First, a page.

Education key to maternal and newborn health [Archives:2009/1228/Front Page]
SANA'A Jan. 25 ) Childbirth and pregnancy are generally considered times of great joy, but, for women in developing countries, these are times of deadly risk.
According to 'The State of the World's Children 2009' report, launched by the United Nations Children's Fund (UNICEF) on January 15 in South Africa, women in the world's least developed countries are 300 times more likely to die in childbirth or from pregnancy-related complications than women in developed countries.
In Yemen, eight women die each day due to pregnancy or childbearing complications with only 24 percent of births taking place at hospitals or with skilled birth attendants.
The halfway point for meeting the UN's fourth and fifth Millennium Development Goals (MDGs) -to globally reduce under-five child mortality by two thirds and reduce maternal mortality by three quarters between 1990 and 2015- has come and gone, and the two goals are still far from having been met.
Although Yemen is not among the top ten countries with the highest lifetime risk of maternal death, the lifetime risk of maternal death in Yemen is 1:39, making it the highest in the Middle East.
The report states that the ten countries with the highest lifetime risk of maternal death are Niger, with a maternal mortality ratio of 1:7, Afghanistan, 1:8, Sierra Leone, 1:8, Chad, 1:11 Angola, 1:12, Liberia, 1:12, Somalia, 1:12, the Democratic Republic of Congo, 1:22, Guinea-Bissau, 1:13, and Mali, 1:15.
“Two thirds of all maternal deaths occur in just 10 countries: India and Nigeria together account for one third of maternal deaths worldwide,” said UNICEF Executive Director Ann M. Veneman.
In the developing world, a woman has a 1 in 76 lifetime risk of maternal death, compared with a probability of just 1 in 8000 for women in industrialized countries. The need for comprehensive action is paramount.
“Every year, more than half a million women die as a result of pregnancy or childbirth complications, including about 70,000 girls and young women aged 15 to 19,” said Veneman.
The report also ranks Yemen number 48 in terms of its estimated under-five mortality for 2007. That's better off than countries like Sierra Leone, which ranks first, Afghanistan, second, Mali, sixth, Somalia, 19th, Ethiopia, 27th, and Pakistan, 43rd. The rate of survival for children less than five years of age is improving globally but the risks faced by infants in their first 28 days remain at unacceptably high levels in many countries.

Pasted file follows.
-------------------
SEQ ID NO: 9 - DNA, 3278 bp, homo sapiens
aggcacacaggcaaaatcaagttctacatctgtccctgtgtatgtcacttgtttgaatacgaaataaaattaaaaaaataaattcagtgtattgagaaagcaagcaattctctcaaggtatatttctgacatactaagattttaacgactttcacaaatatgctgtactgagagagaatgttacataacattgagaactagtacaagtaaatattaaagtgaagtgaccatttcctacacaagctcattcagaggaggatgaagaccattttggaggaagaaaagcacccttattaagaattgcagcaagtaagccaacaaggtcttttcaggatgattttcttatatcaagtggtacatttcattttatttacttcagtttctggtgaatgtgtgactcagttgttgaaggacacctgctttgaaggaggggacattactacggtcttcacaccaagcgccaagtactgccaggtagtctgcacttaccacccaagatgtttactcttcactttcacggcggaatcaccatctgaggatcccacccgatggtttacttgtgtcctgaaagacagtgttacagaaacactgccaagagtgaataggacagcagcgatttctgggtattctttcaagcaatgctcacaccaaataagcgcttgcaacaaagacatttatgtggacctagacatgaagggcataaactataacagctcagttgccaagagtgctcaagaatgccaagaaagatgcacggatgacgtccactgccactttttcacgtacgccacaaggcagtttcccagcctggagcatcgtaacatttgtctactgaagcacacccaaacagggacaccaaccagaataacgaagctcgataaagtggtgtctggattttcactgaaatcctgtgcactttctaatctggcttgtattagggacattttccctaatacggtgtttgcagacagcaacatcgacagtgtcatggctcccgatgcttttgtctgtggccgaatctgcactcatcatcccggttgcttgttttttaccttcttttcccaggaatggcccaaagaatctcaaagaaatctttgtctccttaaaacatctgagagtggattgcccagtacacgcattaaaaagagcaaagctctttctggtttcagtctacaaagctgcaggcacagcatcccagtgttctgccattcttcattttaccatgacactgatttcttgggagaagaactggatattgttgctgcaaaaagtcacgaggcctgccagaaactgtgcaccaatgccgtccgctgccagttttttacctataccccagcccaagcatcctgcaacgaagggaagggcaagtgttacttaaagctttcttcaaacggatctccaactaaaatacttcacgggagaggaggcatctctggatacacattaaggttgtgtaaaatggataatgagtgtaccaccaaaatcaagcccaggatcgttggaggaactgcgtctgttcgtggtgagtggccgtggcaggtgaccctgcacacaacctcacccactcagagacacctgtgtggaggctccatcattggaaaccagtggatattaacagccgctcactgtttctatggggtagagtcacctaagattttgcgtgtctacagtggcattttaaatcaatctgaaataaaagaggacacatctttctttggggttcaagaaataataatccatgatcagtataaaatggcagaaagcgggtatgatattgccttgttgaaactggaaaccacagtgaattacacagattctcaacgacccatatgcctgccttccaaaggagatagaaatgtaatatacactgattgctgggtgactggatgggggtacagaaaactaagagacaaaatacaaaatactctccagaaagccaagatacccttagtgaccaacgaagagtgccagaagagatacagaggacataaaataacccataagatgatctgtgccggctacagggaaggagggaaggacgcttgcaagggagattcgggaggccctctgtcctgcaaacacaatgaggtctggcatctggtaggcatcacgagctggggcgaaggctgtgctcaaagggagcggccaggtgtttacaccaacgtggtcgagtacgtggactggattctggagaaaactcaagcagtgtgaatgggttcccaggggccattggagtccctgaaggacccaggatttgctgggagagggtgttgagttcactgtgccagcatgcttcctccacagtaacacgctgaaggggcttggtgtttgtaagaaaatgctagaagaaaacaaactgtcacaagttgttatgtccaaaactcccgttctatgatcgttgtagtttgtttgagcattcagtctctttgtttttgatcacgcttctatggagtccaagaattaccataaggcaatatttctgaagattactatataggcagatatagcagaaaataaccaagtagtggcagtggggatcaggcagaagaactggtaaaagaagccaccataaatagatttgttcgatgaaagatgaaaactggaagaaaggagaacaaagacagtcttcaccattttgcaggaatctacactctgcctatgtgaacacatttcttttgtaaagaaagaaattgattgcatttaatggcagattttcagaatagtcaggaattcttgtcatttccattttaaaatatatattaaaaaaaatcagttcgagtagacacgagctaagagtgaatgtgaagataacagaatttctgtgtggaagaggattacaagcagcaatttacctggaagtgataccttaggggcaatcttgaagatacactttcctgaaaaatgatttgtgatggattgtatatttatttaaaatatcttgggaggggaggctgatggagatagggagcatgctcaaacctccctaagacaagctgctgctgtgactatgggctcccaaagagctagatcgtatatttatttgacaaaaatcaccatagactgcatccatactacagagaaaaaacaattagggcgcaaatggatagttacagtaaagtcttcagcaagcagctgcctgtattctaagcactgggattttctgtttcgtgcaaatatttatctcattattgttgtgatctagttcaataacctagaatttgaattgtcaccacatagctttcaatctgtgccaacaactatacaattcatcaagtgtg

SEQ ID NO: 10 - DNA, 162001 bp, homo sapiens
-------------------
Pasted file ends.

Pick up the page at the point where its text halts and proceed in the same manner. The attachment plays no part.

The life expectancy in Yemen for 2007 is 62 years; in 1990 it was 54 years.
Developing health systems
The health and survival of mothers and their newborns are linked, and many of the interventions that save new mothers' lives also benefit their infants. The report highlights the link between maternal and neonatal survival, and the vulnerability of both mothers and infants in the days and weeks after birth, a critical time for life-saving interventions, such as post-natal visits, proper hygiene, and counseling about the danger signs of maternal and newborn health.
The report reiterates a widely-known truth, that there is nothing mystical about maternal and neo-natal mortality. The reasons why women and babies die from causes related to pregnancy and childbirth are well understood. Addressing them requires good data and analysis, sound strategies, adequate resources, political commitment and collaborative partnerships. The weakness of health systems requires country-specific actions.
The opportunity to save the lives of thousands of women and children lies within reach. Research has shown that approximately 80 percent of maternal deaths could be averted if women had access to essential maternity and basic health-care services.